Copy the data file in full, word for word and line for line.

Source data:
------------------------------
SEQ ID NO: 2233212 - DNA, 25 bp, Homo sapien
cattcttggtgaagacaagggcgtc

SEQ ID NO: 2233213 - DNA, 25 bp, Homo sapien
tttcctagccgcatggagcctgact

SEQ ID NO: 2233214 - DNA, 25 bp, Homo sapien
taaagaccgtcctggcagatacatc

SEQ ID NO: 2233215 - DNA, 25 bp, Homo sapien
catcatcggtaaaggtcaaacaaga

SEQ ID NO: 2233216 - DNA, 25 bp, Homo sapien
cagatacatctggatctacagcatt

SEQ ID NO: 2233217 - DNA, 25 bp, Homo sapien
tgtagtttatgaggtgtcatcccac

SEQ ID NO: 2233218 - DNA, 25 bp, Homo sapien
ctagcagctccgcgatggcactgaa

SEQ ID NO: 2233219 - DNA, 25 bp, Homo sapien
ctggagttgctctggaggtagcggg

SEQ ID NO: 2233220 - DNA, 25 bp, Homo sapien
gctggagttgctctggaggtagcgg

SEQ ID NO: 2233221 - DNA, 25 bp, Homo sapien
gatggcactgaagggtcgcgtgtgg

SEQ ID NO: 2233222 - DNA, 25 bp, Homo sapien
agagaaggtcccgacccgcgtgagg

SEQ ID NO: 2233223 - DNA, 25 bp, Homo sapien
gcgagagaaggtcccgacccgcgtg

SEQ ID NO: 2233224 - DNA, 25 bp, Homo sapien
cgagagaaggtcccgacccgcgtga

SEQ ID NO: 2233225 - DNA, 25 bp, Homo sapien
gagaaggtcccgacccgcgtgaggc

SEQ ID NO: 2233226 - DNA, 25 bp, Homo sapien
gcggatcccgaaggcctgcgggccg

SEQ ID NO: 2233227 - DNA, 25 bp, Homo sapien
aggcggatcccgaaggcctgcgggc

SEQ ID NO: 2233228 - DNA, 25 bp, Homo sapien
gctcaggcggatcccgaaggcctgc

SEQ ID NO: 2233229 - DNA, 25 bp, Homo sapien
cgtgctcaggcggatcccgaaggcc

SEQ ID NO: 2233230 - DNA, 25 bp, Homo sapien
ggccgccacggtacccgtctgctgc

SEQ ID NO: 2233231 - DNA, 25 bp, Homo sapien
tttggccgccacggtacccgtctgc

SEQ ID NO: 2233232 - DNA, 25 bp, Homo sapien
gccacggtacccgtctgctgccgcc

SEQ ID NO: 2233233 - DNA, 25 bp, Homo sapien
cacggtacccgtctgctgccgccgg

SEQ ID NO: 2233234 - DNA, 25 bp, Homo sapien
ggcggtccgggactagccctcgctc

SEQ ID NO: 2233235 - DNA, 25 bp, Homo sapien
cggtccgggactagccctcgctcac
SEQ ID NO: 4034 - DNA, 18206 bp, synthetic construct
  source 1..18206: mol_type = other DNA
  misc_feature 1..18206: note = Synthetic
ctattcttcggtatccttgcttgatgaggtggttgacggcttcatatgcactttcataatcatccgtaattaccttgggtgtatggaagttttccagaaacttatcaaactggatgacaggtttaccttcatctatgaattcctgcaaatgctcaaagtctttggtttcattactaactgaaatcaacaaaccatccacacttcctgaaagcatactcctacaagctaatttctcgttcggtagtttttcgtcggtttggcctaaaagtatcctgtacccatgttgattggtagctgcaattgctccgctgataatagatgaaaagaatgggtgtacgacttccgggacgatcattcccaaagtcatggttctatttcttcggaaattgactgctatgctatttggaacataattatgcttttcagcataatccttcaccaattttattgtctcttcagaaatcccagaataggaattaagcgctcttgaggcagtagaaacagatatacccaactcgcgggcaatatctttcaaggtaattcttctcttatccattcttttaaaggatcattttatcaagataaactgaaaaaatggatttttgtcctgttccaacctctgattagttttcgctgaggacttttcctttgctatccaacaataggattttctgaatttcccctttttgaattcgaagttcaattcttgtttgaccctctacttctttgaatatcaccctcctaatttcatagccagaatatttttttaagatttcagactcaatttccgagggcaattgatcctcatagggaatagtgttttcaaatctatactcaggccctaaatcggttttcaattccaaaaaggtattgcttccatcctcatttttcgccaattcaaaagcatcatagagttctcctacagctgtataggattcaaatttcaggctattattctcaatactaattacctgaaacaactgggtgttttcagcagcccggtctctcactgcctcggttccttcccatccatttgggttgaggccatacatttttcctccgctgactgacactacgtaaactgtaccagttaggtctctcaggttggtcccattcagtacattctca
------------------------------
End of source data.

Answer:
SEQ ID NO: 2233212 - DNA, 25 bp, Homo sapien
cattcttggtgaagacaagggcgtc

SEQ ID NO: 2233213 - DNA, 25 bp, Homo sapien
tttcctagccgcatggagcctgact

SEQ ID NO: 2233214 - DNA, 25 bp, Homo sapien
taaagaccgtcctggcagatacatc

SEQ ID NO: 2233215 - DNA, 25 bp, Homo sapien
catcatcggtaaaggtcaaacaaga

SEQ ID NO: 2233216 - DNA, 25 bp, Homo sapien
cagatacatctggatctacagcatt

SEQ ID NO: 2233217 - DNA, 25 bp, Homo sapien
tgtagtttatgaggtgtcatcccac

SEQ ID NO: 2233218 - DNA, 25 bp, Homo sapien
ctagcagctccgcgatggcactgaa

SEQ ID NO: 2233219 - DNA, 25 bp, Homo sapien
ctggagttgctctggaggtagcggg

SEQ ID NO: 2233220 - DNA, 25 bp, Homo sapien
gctggagttgctctggaggtagcgg

SEQ ID NO: 2233221 - DNA, 25 bp, Homo sapien
gatggcactgaagggtcgcgtgtgg

SEQ ID NO: 2233222 - DNA, 25 bp, Homo sapien
agagaaggtcccgacccgcgtgagg

SEQ ID NO: 2233223 - DNA, 25 bp, Homo sapien
gcgagagaaggtcccgacccgcgtg

SEQ ID NO: 2233224 - DNA, 25 bp, Homo sapien
cgagagaaggtcccgacccgcgtga

SEQ ID NO: 2233225 - DNA, 25 bp, Homo sapien
gagaaggtcccgacccgcgtgaggc

SEQ ID NO: 2233226 - DNA, 25 bp, Homo sapien
gcggatcccgaaggcctgcgggccg

SEQ ID NO: 2233227 - DNA, 25 bp, Homo sapien
aggcggatcccgaaggcctgcgggc

SEQ ID NO: 2233228 - DNA, 25 bp, Homo sapien
gctcaggcggatcccgaaggcctgc

SEQ ID NO: 2233229 - DNA, 25 bp, Homo sapien
cgtgctcaggcggatcccgaaggcc

SEQ ID NO: 2233230 - DNA, 25 bp, Homo sapien
ggccgccacggtacccgtctgctgc

SEQ ID NO: 2233231 - DNA, 25 bp, Homo sapien
tttggccgccacggtacccgtctgc

SEQ ID NO: 2233232 - DNA, 25 bp, Homo sapien
gccacggtacccgtctgctgccgcc

SEQ ID NO: 2233233 - DNA, 25 bp, Homo sapien
cacggtacccgtctgctgccgccgg

SEQ ID NO: 2233234 - DNA, 25 bp, Homo sapien
ggcggtccgggactagccctcgctc

SEQ ID NO: 2233235 - DNA, 25 bp, Homo sapien
cggtccgggactagccctcgctcac
SEQ ID NO: 4034 - DNA, 18206 bp, synthetic construct
  source 1..18206: mol_type = other DNA
  misc_feature 1..18206: note = Synthetic
ctattcttcggtatccttgcttgatgaggtggttgacggcttcatatgcactttcataatcatccgtaattaccttgggtgtatggaagttttccagaaacttatcaaactggatgacaggtttaccttcatctatgaattcctgcaaatgctcaaagtctttggtttcattactaactgaaatcaacaaaccatccacacttcctgaaagcatactcctacaagctaatttctcgttcggtagtttttcgtcggtttggcctaaaagtatcctgtacccatgttgattggtagctgcaattgctccgctgataatagatgaaaagaatgggtgtacgacttccgggacgatcattcccaaagtcatggttctatttcttcggaaattgactgctatgctatttggaacataattatgcttttcagcataatccttcaccaattttattgtctcttcagaaatcccagaataggaattaagcgctcttgaggcagtagaaacagatatacccaactcgcgggcaatatctttcaaggtaattcttctcttatccattcttttaaaggatcattttatcaagataaactgaaaaaatggatttttgtcctgttccaacctctgattagttttcgctgaggacttttcctttgctatccaacaataggattttctgaatttcccctttttgaattcgaagttcaattcttgtttgaccctctacttctttgaatatcaccctcctaatttcatagccagaatatttttttaagatttcagactcaatttccgagggcaattgatcctcatagggaatagtgttttcaaatctatactcaggccctaaatcggttttcaattccaaaaaggtattgcttccatcctcatttttcgccaattcaaaagcatcatagagttctcctacagctgtataggattcaaatttcaggctattattctcaatactaattacctgaaacaactgggtgttttcagcagcccggtctctcactgcctcggttccttcccatccatttgggttgaggccatacatttttcctccgctgactgacactacgtaaactgtaccagttaggtctctcaggttggtcccattcagtacattctca